Screen time: Recommendations vs Real life

My children are nowhere near old enough for the “birds and the bees” discussion (lucky for me.) The oldest two were old enough during my last pregnancy with my youngest, Kameron, to understand that she grew in my belly. They used to love feeling her kick and seeing her move. 

While eating dinner over the weekend, Ashton informed me that she did not like it when she was inside my belly. Knowing that there is no way she actually remembers being in there, I asked her, “why,” and waited for her response. Per usual, I was not disappointed. 

She said, “I didn’t like it there because there wasn’t any T.V.” 

We love a good show over here and I try to schedule a family movie night at least once a week, but this remark had me wondering if maybe they were getting a little too much time in front of the television. 

I have never claimed to be one of those moms who limit the girl’s screen time to an hour or two every day, which is what the American Academy of Pediatrics recommends. I get it. Going overboard on the screen time leads to obesity, irregular sleep patterns, behavioral issues, not enough fresh air and active playtime.  

I would be lying if I said that I did not hand my child an I-paid while I cook supper or get some work done. I totally do not judge the parent who sits their child in front of the television to try and get them to quit screaming or to just have a few minutes to themselves for the day.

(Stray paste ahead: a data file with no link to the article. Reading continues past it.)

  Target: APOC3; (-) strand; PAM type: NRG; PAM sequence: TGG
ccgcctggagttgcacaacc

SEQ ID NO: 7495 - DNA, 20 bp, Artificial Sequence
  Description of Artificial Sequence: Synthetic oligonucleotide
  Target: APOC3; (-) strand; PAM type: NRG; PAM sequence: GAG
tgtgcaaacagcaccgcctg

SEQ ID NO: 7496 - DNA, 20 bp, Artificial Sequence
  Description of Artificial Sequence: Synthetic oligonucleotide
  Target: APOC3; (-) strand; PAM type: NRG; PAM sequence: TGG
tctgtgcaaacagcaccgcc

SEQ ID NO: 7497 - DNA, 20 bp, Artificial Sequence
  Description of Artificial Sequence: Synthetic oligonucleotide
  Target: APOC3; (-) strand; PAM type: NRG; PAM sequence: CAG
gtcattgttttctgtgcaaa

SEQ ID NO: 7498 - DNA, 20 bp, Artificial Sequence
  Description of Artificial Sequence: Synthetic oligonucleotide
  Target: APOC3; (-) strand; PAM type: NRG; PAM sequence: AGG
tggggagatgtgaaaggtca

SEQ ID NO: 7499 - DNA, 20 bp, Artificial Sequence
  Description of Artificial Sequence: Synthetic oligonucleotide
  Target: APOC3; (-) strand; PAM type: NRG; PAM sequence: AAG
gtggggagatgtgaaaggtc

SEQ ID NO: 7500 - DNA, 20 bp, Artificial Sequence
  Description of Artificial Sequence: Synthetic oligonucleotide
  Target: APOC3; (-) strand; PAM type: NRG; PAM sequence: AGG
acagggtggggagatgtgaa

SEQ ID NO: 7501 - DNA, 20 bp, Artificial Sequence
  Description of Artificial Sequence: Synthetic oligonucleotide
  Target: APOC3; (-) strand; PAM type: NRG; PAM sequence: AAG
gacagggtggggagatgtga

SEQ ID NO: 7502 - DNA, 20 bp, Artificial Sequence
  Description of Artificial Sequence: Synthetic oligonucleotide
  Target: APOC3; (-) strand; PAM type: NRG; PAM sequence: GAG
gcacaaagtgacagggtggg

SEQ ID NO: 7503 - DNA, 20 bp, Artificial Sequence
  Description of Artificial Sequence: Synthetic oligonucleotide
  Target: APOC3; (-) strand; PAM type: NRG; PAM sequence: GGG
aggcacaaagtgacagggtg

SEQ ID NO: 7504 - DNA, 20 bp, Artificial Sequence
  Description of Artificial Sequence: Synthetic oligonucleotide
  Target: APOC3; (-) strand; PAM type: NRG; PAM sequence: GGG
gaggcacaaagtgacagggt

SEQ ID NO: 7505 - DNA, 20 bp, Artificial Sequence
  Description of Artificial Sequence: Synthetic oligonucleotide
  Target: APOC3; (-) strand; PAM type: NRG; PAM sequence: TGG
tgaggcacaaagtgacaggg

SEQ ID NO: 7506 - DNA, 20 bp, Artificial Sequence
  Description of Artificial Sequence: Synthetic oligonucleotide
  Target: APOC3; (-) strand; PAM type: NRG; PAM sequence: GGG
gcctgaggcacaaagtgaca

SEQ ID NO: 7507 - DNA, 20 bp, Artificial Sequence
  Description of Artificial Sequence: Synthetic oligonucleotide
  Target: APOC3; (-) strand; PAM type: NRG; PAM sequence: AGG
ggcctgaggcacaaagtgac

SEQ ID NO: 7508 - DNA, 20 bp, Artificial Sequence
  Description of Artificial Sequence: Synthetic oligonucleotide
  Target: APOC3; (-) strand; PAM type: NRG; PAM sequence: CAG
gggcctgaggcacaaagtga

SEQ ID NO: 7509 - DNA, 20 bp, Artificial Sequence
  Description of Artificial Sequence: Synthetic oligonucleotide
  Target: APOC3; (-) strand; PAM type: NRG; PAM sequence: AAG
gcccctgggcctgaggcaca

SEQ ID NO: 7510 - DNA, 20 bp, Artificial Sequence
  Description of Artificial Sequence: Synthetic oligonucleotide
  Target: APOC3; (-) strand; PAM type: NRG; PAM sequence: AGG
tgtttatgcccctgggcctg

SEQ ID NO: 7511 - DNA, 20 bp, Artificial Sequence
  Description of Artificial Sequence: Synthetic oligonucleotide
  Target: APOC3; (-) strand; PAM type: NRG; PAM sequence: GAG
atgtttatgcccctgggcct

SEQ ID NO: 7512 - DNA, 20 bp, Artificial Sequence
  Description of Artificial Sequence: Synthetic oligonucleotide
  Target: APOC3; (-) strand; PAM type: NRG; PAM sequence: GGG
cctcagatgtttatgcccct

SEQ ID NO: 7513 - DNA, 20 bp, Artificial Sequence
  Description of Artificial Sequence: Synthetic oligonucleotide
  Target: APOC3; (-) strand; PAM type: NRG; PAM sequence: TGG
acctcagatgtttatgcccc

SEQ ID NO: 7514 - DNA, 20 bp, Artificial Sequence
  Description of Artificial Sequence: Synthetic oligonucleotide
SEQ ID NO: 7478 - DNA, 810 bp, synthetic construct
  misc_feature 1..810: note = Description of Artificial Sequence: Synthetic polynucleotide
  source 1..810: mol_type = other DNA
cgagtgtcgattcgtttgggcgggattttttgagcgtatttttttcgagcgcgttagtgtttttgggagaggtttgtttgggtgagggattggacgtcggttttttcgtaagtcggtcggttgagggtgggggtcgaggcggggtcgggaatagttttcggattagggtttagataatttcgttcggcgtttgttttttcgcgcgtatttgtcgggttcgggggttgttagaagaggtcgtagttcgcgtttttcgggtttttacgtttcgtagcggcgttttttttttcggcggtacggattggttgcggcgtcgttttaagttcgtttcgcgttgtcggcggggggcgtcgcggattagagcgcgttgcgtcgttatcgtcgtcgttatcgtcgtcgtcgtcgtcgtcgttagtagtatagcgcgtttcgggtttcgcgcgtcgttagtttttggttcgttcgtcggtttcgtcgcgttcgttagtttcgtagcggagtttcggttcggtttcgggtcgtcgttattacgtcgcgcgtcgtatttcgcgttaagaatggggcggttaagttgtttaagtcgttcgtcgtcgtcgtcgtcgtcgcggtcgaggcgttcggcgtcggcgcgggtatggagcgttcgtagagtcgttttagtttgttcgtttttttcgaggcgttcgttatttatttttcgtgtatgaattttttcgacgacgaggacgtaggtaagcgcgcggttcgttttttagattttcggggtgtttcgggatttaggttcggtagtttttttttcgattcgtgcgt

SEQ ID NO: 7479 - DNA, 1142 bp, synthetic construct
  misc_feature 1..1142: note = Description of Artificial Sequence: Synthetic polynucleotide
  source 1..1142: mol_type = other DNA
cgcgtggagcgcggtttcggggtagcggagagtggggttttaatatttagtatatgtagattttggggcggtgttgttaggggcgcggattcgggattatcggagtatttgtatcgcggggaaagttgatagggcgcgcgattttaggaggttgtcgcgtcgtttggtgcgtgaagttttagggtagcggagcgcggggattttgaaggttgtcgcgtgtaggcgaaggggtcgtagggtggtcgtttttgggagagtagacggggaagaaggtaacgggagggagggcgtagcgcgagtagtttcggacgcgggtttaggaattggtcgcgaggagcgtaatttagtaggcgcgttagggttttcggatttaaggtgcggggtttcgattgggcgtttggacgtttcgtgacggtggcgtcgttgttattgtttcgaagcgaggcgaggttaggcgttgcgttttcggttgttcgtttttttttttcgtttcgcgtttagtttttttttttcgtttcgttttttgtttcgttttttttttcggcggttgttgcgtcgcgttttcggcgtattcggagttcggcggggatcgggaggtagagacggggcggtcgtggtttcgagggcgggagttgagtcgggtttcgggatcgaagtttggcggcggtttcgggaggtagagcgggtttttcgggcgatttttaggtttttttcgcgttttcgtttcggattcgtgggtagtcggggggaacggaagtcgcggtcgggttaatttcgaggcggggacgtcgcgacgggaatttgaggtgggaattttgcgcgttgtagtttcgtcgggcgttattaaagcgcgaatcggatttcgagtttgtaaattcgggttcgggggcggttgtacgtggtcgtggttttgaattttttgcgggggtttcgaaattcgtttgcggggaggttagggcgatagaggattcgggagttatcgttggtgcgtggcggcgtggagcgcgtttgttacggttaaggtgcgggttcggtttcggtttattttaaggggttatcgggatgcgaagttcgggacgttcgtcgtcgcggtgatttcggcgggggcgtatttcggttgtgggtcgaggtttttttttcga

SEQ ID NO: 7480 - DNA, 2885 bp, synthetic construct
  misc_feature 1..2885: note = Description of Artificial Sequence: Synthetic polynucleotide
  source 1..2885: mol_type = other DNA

In my opinion, not allowing children to experiment with electronics may harm them in the future. It is just the way of the world now. Everything is digital. For example, my oldest is in the third grade and must complete almost all her schoolwork and homework on a Chromebook. This was a major learning curve for the both of us when she was participating in the virtual program the last two years after Covid. 

My children have definitely benefited from different high-quality types of programs over the years. When they were younger, we watched shows with lots of music and storytelling. Now that they are a little older they enjoy more interactive shows or apps.  

I have spoken with them about internet safety and have all the parental controls enabled. I know that does not filter everything, but I feel I do a pretty good job of vetting what apps and shows they get to use. It is good practice to do your research beforehand by checking out ratings and reviews. There is also a way to set a daily time limit per day or curfew on their devices that locks them out or shuts them down automatically and I take full advantage of those features.

It’s not a one size fits all type of thing, but I think the quality of the media they are watching is way more important than the amount of the screen time they are getting. Emerson and Ashton are involved in extracurricular activities, and they love a good book. It is all about finding that balance and what works for your family. 

(Paige Nash is a wife, mom and journalist for The Webster Parish Journal.)


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